Invasion, Retaliation, Concealment and Silences at Dead Man's Flat, South Australia: A Consideration of the Historical, Archaeological and Geophysical Evidence of Frontier Conflict

Amy Roberts, Jessica Barnard-Brown, Ian Moffat, Heather Burke, Craig Westell, the River Murray and Mallee Aboriginal Corporation

Research output: Contribution to journalArticlepeer-review

Abstract

This article presents the results of historical research, as well as archaeological and geophysical surveys, in order to explore a number of frontier conflict events at Dead Man’s Flat in South Australia (SA). The historical records reveal the cruelty and complexity of the period and expose the concealments, contradictions, euphemistic language, denials and silences that are typical of the Australian frontier. Further disparities are revealed in more recent commemorative efforts. Archaeological investigations in the study area provided an ‘absence of evidence’. Whilst the geophysical survey revealed that there are potential graves located on the flat, no interment was located in the area commemorated by local non-Indigenous community members. The combined results of this multi-method approach uncovered new dissonances, raised new questions and provided new exegeses about the frontier in this region. For traditional owners, the sum of the evidence reveals a history of invasion, killings and massacre, theft, deceit and cover-up–Dead Man’s Flat is, therefore, a place to be approached with deep respect in order to honour the experiences of their ancestors.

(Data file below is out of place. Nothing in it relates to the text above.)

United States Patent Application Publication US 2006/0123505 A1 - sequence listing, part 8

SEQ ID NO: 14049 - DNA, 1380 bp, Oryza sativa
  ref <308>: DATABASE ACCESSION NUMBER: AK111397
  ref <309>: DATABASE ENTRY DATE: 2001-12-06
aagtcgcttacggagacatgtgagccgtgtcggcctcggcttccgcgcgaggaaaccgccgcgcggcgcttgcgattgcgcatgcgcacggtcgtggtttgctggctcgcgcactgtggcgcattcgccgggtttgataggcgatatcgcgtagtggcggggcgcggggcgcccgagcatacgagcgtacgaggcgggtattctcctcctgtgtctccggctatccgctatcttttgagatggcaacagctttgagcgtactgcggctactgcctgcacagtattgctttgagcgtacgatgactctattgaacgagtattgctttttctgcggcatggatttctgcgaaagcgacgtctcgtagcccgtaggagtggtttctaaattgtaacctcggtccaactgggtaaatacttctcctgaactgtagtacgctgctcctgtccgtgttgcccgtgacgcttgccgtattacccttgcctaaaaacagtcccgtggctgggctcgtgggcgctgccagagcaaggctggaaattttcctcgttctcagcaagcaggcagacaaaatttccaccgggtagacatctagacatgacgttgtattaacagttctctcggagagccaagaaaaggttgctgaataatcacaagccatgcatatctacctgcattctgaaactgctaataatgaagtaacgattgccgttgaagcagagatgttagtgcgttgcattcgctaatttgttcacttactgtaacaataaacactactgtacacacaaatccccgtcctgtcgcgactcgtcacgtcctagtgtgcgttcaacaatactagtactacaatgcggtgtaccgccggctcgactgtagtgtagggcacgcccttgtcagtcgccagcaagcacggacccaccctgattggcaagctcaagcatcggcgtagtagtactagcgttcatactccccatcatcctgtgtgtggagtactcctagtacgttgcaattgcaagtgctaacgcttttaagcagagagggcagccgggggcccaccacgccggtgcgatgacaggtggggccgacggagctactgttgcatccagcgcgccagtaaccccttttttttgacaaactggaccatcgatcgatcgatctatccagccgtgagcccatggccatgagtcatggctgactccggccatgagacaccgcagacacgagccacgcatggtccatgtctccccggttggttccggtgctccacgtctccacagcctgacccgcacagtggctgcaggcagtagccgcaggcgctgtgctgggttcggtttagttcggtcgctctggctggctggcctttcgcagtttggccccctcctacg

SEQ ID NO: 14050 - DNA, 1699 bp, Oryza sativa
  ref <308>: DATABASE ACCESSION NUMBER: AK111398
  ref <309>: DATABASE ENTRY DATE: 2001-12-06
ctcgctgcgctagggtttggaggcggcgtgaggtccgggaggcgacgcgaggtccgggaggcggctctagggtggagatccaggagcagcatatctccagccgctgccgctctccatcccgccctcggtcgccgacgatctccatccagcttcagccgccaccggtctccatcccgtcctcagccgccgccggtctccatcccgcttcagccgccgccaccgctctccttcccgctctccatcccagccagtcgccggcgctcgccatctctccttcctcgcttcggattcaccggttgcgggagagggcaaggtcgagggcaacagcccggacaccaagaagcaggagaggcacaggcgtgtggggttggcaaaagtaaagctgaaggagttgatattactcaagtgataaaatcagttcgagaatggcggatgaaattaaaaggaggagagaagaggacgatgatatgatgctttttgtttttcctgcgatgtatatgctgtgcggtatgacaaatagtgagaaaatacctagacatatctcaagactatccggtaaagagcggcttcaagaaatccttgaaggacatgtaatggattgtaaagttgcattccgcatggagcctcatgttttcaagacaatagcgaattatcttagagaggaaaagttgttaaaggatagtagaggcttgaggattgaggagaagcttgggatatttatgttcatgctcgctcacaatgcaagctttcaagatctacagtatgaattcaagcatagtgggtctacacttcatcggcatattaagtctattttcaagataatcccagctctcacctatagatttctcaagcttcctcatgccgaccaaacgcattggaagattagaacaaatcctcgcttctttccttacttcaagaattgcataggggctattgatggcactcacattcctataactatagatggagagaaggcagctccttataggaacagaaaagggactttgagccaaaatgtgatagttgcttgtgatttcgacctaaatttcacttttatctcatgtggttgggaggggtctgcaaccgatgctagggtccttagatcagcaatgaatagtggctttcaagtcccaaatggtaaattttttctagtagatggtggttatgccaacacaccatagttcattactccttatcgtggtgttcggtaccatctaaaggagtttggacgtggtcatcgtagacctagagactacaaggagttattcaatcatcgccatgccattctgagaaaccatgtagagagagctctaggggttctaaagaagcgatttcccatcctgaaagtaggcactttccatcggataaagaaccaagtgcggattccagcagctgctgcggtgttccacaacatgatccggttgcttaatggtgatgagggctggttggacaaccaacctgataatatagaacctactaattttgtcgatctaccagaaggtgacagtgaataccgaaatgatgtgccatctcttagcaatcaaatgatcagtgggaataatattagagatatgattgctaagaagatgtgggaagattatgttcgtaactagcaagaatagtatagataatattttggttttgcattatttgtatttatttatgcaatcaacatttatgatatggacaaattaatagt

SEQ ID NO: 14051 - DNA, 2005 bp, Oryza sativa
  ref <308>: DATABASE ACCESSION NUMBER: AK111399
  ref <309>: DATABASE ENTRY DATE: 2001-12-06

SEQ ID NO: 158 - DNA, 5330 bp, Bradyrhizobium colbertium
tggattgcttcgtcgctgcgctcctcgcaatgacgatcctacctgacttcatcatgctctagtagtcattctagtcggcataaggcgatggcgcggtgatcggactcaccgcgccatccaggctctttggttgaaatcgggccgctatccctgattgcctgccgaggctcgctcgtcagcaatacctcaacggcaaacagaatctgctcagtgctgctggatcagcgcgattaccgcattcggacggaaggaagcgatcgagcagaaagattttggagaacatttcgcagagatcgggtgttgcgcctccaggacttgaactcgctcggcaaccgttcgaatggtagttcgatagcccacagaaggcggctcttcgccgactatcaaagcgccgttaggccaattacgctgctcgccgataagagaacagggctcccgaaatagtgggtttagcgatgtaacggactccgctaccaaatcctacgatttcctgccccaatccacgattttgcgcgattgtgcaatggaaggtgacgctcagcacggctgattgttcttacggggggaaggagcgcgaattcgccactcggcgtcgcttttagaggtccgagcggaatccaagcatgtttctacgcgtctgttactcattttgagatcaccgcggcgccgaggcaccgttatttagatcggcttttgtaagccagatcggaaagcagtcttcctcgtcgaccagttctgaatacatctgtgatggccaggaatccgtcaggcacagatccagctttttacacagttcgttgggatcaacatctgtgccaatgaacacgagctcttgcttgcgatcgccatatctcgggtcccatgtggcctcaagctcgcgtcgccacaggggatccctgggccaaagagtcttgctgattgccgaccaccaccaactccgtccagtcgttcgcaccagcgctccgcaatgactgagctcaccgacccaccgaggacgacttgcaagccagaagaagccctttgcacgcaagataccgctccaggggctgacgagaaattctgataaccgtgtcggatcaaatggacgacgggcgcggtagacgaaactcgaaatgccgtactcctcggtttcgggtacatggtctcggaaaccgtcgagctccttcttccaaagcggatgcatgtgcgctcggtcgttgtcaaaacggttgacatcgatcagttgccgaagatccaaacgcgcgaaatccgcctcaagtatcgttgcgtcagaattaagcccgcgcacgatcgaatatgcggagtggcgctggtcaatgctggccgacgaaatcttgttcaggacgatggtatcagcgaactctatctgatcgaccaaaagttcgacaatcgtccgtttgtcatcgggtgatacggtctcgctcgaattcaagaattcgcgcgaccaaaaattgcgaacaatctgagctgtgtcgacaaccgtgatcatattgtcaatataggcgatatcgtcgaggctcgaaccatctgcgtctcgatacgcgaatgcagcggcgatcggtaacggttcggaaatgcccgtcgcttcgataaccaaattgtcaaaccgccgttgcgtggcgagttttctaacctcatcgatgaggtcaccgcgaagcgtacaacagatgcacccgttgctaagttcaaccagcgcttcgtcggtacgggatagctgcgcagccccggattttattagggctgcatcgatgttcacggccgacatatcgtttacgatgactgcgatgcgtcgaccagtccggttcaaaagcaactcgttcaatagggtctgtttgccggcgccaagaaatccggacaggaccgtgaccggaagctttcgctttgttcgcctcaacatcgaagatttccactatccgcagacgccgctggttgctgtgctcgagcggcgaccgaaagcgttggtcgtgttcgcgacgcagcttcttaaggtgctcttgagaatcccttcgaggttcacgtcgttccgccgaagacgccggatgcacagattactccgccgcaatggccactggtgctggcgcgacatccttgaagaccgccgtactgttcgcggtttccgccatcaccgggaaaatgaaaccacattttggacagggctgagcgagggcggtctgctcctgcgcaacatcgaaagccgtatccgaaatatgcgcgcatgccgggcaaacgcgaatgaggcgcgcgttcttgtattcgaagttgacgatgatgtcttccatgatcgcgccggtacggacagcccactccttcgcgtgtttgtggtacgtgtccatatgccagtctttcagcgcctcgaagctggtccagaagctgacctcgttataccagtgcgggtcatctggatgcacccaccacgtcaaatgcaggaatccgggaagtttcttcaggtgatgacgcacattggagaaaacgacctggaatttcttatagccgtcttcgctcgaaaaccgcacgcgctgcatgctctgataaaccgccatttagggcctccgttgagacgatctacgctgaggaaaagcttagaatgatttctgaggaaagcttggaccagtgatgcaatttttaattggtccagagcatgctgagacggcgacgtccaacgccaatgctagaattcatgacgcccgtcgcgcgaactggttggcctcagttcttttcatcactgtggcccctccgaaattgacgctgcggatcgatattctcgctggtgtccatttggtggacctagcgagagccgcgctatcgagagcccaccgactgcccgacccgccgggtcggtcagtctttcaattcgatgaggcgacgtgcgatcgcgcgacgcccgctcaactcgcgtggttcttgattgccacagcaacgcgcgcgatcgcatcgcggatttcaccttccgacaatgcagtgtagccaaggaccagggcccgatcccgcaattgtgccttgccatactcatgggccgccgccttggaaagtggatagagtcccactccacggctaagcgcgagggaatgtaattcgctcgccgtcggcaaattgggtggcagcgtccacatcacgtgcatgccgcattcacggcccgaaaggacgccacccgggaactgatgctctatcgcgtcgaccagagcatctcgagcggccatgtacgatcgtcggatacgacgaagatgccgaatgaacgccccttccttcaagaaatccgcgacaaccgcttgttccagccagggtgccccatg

Original languageEnglish
Number of pages24
JournalTransactions of the Royal Society of South Australia
Early online date23 Jun 2021
DOIs
Publication statusE-pub ahead of print - 23 Jun 2021

Keywords

  • archaeology
  • Frontier conflict
  • ground-penetrating radar
  • history
  • Murray River
  • unmarked graves

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